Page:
When Teunis wished to return home, he went first towards Denmark; but he might not land there, for so the mother had ordered, nor was he to land at Flyland nor anywhere about there. In this way he would have lost all his people by want and hardship, so he landed at night to steal and sailed on by day. Thus coasting along, he at length arrived at the colony of Kadik 1 (Cadiz), so called because it was built with a stone quay. Here they bought all kinds of stores, but Tuntia the Burgtmaagd would not allow them to settle there. When they were ready they began to disagree. Teunis wished to sail through the straits to the Mediterranean Sea, and enter the service of the rich Egyptian king, as he had done before, but Inka said he had had enough of all those Finda's people. Inka thought that perchance some high-lying part of Atland might remain as an island, where he and his people might live in peace. As the two cousins could not agree, Teunis planted a red flag on the shore, and Inka a blue flag. Every man could choose which he pleased, and to their astonishment the greater part of the Finns and Magyars followed Inka, who had objected to serve the kings of Finda's people. When they had counted the people and divided the ships accordingly, the fleet separated. We shall hear of Teunis afterwards, but nothing more of Inka.
Neef Teunis coasted through the straits to the Mediterranean Sea. When Atland was submerged there was much suffering also on the shores of the Mediterranean, on which account many of Finda's people, Krekalanders, and people from Lyda's land, came to us. On the other hand, many of our people went to Lyda's land. The result of all this was that the Krekalanders far and wide were lost to the superintendence of the mother. Teunis had reckoned on this, and had therefore wished to find there a good haven from which he might go and serve under the rich princes; but as his fleet and his people had such a shattered appearance, the inhabitants on the coasts thought that they were pirates, and drove them away. At last they arrived at the Phœnician coast, one hundred and ninety-three years after Atland was submerged 2. Near the coast they found an island with two deep bays, so that there appeared to be three islands. In the middle one they established themselves, and afterwards built a city wall round the place. Then they wanted to give it a name, but disagreed about it. Some wanted to call it Fryasburgt, others Neeftunia; but the Magyars and Finns begged that it might be called Thyrhisburgt 3.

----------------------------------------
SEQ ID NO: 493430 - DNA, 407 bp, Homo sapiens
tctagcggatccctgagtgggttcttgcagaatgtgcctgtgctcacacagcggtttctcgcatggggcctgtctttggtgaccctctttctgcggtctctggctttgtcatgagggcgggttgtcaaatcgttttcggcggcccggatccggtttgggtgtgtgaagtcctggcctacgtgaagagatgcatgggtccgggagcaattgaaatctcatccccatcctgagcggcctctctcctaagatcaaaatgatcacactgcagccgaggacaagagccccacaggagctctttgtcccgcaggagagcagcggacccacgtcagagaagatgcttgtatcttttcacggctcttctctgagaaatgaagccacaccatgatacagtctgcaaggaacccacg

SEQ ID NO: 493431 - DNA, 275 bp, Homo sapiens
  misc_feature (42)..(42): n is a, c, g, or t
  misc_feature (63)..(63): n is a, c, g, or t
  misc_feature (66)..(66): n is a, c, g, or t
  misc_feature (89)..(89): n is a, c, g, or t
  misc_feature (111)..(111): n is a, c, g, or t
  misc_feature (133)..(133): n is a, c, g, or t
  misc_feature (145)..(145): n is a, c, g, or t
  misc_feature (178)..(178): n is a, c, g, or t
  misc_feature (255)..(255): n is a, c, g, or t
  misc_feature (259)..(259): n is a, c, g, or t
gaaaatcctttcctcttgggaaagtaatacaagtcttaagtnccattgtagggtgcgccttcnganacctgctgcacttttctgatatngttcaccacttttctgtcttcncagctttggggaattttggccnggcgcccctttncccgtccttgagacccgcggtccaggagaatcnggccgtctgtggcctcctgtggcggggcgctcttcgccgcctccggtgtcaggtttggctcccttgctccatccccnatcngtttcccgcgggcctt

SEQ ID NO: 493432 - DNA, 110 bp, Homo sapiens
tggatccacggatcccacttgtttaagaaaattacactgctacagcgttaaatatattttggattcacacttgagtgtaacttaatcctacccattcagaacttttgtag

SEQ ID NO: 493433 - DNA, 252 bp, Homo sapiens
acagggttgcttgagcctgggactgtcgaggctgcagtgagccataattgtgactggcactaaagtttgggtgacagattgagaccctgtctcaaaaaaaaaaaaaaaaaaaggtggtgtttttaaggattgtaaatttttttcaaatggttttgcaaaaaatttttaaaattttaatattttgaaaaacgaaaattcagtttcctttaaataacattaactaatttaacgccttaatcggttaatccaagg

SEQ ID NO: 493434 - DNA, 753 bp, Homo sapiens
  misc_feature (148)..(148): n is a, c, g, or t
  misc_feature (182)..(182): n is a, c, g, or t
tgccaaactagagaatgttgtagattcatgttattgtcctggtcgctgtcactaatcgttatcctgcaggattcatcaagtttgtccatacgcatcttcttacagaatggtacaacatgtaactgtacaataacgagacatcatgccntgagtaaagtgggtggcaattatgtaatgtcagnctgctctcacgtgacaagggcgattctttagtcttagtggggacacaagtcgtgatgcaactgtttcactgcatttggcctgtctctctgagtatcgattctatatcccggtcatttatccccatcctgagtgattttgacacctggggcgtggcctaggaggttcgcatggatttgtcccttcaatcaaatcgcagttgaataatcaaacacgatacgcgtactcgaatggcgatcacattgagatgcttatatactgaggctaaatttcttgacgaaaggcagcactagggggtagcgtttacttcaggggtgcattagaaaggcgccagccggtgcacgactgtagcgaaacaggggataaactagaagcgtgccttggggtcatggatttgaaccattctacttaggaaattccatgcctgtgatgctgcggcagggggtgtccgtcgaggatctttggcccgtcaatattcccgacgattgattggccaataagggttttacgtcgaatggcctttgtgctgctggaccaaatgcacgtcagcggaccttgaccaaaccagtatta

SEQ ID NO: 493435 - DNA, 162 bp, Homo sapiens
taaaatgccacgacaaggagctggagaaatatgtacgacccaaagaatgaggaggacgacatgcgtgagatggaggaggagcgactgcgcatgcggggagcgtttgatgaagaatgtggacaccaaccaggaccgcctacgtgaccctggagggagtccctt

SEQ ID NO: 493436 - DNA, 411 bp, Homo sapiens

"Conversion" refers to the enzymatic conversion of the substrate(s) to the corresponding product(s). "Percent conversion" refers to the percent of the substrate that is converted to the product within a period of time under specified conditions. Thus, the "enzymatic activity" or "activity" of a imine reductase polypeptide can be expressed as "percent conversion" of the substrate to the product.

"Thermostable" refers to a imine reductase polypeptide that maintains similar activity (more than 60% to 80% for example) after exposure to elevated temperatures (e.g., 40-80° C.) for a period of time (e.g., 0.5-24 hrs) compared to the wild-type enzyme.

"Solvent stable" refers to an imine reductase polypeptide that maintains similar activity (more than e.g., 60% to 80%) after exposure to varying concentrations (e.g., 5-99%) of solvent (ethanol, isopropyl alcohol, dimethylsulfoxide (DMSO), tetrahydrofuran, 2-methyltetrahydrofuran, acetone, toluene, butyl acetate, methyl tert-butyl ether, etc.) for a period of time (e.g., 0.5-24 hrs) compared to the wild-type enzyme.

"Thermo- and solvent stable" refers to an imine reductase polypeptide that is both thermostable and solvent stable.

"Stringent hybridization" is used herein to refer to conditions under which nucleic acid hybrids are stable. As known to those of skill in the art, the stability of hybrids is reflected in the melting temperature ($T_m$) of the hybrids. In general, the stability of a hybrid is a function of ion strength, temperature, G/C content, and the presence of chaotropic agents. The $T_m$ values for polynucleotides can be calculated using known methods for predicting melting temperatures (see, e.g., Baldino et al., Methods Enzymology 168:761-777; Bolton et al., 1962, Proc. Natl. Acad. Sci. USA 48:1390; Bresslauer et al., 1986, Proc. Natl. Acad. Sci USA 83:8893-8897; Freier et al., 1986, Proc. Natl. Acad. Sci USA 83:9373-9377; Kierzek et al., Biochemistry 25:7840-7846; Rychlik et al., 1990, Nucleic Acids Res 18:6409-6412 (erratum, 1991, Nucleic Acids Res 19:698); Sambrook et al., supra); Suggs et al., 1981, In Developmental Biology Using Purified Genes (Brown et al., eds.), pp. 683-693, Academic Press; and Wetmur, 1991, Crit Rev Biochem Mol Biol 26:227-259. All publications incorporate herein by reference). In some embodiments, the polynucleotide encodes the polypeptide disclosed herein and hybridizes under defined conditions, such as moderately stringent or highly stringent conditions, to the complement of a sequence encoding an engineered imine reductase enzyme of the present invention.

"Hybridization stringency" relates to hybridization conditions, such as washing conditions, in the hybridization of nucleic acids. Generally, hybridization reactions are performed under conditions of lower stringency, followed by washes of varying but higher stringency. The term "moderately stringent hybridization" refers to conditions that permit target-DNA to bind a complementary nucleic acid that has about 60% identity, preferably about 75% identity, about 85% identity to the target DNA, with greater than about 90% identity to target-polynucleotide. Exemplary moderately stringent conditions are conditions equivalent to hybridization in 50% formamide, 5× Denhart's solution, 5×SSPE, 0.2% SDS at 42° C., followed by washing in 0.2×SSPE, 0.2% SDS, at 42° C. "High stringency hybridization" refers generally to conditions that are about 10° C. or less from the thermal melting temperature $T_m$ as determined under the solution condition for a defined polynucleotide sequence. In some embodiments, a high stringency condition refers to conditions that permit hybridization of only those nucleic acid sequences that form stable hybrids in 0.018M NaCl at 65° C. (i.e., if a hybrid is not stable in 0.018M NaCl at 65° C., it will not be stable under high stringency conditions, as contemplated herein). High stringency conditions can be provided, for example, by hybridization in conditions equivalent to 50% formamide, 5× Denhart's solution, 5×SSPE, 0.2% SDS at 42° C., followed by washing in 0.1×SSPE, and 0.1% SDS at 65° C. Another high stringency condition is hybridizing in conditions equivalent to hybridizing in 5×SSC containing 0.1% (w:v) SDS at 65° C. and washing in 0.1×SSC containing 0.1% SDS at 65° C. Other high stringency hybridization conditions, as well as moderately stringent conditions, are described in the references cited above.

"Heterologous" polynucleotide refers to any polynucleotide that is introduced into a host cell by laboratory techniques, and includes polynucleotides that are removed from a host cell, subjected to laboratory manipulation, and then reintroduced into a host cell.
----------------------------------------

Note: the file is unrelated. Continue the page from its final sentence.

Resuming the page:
Thyr 4 was the name of one of their idols, and it was upon his feast-day that they had landed there; and in return they offered to recognise Teunis as their perpetual king. Teunis let himself be persuaded, and the others would not make any quarrel about it. When they were well established, they sent some old seamen and Magyars on an expedition as far as the town of Sidon; but at first the inhabitants of the coast would have nothing to do with them, saying, You are only foreign adventurers whom we do not respect. But when we sold them some of our iron weapons, everything went well. They also wished to buy our amber, and their inquiries about it were incessant. But Teunis, who was far-seeing, pretended that he had no more iron weapons or amber. Then merchants came and begged him to let them have twenty vessels, which they would freight with the finest goods, and they would provide as many people to row as he would require. Twelve ships were then laden with wine, honey, tanned leather, and saddles and bridles mounted in gold, such as had never been seen before.
Teunis sailed to the Flymeer with all this treasure, which so enchanted the Grevetman of Westflyland that he induced Teunis to build a warehouse at the mouth of the Flymeer. Afterwards this place was called Almanaland 5, and the market where they traded at Wyringen 6 was called Toelaatmarkt. The mother advised that they should sell everything except iron weapons, but no attention was paid to what she said. As the Thyriers had thus free play, they came from far and near to take away our goods, to the loss of our seafaring people. Therefore it was resolved in a general assembly to allow only seven Thyrian ships and no more in a year.